Google hears static on radio bid

With its Audio Ads effort, the search giant is thinking globally, but needs to do better at acting locally.

The departure last week of two top Google radio ad honchos had observers wondering whether the search giant could conquer the old-fashioned $20 billion radio industry with its new-fashioned technology.

With stations loathe to give up lucrative premium airtime, experts say Google's automated ad auction system--which allows advertisers to bid for spots on radio stations through the Web--might be good for low-priced, last-minute sales. But they say the company needs to sign up more radio stations and do more handholding.

Applying a national automated approach to a business culture that traditionally relied on personal relationships and local content has proven tricky for Google. For instance, a local car dealer, and not an international company like IBM, is the target advertiser on radio.

"This is clearly a high-tech culture colliding with a low-tech culture," said one industry insider, who asked not to be named.

There are also questions about how effectively the search giant's Internet advertising customers, which are located around the globe, can expect to break into the radio industry, which relies on targeting local markets.

"It's easier to create demand within your local area than it is to create it in cyberspace," said Tom Bender, senior vice president and regional general manager at Greater Media Detroit, which has radio stations that are running Google-sold ads. "Radio is primarily a local business and I think that maybe one thing that is being missed in this whole equation is that the vast majority of radio revenue, probably 80 percent of all dollars spent on radio, is spent locally."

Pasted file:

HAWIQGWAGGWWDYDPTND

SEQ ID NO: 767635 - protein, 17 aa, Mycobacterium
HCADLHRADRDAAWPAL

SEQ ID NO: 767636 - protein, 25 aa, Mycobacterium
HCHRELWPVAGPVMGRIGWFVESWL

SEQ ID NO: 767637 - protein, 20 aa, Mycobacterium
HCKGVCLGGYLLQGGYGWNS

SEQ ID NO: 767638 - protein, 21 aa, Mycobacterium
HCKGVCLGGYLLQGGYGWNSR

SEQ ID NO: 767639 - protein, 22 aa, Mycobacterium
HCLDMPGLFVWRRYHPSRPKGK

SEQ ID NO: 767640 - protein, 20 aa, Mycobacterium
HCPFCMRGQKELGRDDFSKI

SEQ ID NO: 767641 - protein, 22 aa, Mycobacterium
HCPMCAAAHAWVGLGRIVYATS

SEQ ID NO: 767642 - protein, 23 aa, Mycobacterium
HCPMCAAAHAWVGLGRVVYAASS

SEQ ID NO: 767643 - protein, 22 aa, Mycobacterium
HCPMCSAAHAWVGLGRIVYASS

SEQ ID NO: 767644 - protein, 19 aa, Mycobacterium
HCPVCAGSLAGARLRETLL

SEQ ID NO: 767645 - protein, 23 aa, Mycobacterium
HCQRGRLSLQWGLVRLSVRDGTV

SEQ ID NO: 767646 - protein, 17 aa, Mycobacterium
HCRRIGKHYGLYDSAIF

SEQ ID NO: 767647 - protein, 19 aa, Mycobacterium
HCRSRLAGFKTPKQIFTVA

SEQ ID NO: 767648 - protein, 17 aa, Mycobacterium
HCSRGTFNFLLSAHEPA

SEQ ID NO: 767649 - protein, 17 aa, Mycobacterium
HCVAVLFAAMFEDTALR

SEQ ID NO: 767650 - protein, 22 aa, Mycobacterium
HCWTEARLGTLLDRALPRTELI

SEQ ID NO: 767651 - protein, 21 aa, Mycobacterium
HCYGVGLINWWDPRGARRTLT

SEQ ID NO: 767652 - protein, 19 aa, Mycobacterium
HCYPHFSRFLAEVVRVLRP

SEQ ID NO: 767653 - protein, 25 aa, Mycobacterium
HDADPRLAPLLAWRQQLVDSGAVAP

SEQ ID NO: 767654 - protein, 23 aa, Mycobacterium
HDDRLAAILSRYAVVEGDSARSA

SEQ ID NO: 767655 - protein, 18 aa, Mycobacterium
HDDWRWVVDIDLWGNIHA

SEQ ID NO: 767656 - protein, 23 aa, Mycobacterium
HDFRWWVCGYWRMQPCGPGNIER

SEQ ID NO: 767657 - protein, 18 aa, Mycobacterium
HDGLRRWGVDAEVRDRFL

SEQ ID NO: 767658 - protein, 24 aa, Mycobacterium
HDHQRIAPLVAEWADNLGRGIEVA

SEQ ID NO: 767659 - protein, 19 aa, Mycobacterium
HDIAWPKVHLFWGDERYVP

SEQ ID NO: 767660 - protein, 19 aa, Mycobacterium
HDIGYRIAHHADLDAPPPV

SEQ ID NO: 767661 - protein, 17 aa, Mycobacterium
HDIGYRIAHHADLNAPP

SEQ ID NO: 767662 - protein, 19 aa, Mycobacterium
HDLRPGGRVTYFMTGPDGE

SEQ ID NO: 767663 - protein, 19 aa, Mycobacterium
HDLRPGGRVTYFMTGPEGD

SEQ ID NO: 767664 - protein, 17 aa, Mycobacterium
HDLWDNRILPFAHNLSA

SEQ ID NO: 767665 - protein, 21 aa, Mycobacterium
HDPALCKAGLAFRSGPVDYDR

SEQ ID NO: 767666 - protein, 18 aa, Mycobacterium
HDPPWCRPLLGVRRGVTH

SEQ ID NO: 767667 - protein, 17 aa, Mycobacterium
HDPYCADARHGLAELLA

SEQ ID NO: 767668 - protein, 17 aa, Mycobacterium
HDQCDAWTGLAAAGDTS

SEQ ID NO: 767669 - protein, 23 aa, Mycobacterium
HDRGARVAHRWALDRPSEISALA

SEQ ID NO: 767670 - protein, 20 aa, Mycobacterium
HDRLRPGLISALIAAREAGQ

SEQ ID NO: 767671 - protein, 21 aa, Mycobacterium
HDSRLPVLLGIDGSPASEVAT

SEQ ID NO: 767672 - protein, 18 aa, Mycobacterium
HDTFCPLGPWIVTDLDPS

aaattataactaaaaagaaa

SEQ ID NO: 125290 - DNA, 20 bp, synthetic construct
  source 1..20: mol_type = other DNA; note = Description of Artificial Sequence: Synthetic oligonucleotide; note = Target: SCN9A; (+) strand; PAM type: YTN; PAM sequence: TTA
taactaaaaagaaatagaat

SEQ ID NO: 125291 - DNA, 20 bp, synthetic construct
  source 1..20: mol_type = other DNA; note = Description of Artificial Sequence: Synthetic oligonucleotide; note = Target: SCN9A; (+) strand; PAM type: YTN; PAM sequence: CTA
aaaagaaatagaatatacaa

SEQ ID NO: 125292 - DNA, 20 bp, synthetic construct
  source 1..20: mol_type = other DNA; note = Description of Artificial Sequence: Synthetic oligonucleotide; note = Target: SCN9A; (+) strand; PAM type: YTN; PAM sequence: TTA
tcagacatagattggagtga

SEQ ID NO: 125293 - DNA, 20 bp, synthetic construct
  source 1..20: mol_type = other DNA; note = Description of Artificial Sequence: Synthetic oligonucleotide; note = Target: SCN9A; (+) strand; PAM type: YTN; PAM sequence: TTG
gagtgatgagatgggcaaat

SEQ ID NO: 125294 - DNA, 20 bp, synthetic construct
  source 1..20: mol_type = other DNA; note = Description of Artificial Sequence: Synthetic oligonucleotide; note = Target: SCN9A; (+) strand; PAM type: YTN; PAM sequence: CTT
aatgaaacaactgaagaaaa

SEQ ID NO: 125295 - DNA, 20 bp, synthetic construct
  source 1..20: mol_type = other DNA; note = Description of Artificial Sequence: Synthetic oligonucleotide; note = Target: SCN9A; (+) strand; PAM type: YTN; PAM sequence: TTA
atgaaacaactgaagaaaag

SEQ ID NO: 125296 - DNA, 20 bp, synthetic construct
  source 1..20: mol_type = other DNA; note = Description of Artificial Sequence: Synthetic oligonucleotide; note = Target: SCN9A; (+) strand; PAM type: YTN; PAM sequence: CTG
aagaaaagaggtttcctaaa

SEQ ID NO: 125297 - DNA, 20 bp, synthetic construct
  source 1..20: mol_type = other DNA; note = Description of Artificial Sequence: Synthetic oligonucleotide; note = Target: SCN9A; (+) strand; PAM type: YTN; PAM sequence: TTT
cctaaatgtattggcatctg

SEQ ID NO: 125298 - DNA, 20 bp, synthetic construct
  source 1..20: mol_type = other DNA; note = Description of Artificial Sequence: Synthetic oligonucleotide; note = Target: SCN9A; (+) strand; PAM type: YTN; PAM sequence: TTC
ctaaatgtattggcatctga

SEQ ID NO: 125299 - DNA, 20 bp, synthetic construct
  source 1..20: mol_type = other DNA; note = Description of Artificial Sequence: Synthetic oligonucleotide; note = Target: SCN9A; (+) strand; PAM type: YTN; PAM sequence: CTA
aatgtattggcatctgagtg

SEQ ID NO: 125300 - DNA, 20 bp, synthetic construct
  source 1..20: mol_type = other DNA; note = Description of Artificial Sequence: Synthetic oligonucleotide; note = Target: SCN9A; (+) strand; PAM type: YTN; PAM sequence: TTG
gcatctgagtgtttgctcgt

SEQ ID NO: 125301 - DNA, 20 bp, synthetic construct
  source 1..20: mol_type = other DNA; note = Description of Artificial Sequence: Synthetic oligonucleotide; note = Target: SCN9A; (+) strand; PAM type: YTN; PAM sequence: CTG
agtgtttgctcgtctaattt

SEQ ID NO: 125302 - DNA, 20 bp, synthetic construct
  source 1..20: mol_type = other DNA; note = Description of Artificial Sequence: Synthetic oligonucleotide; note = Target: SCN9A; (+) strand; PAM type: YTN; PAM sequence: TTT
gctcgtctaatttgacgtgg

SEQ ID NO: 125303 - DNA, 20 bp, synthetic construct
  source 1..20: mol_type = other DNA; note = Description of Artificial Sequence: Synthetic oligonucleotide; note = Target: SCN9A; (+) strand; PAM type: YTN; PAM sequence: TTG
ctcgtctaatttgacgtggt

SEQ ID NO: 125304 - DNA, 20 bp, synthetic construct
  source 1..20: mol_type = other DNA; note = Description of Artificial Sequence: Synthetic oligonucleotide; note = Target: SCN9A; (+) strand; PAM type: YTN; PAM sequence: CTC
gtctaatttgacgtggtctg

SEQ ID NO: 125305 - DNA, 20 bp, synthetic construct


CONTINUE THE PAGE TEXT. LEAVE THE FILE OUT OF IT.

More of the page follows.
Google began testing Google Audio Ads, its automated advertising system for radio, in December, inviting a limited, undisclosed number of its AdWords customers to participate. The service integrates technology from dMarc Broadcasting, a provider of a radio ad scheduling system, that Google acquired in January 2006. Google has only about 700 radio stations in 200 U.S. markets running the ads in a total of more than 10,000 licensed stations.

Google has reportedly been in talks with CBS to sell ads on the nearly 150 radio stations in that network, which would greatly boost Google's radio efforts. Google and CBS representatives have declined to comment.

Despite the fact that many stations are worried Google's auction-based system would commoditize the radio ad market, things seemed to be on track until Chad Steelberg and Ryan Steelberg, brothers and founders of dMarc, just over a year after Google acquired the company. The Steelbergs could not be reached for comment and Google representatives have declined to comment on their departure.

"Without being able to prove that it will drive up pricing as well as demand there is an inclination on the part of radio operators not to take the risk."
--David Bank, analyst, RBC Capital Markets

Whether Google can succeed in radio "is questionable, because you do need relationships with radio stations to give you something of value. If you don't have radio-focused'll get the low-hanging fruit but may not be able to grow the market," said Maribeth Papuga, senior vice president and director of radio buying for Media Vest, a part of ad firm Publicis Groupe. "Their challenge is going to be having a broad enough list of markets and stations to make it a viable enough player on a national scale."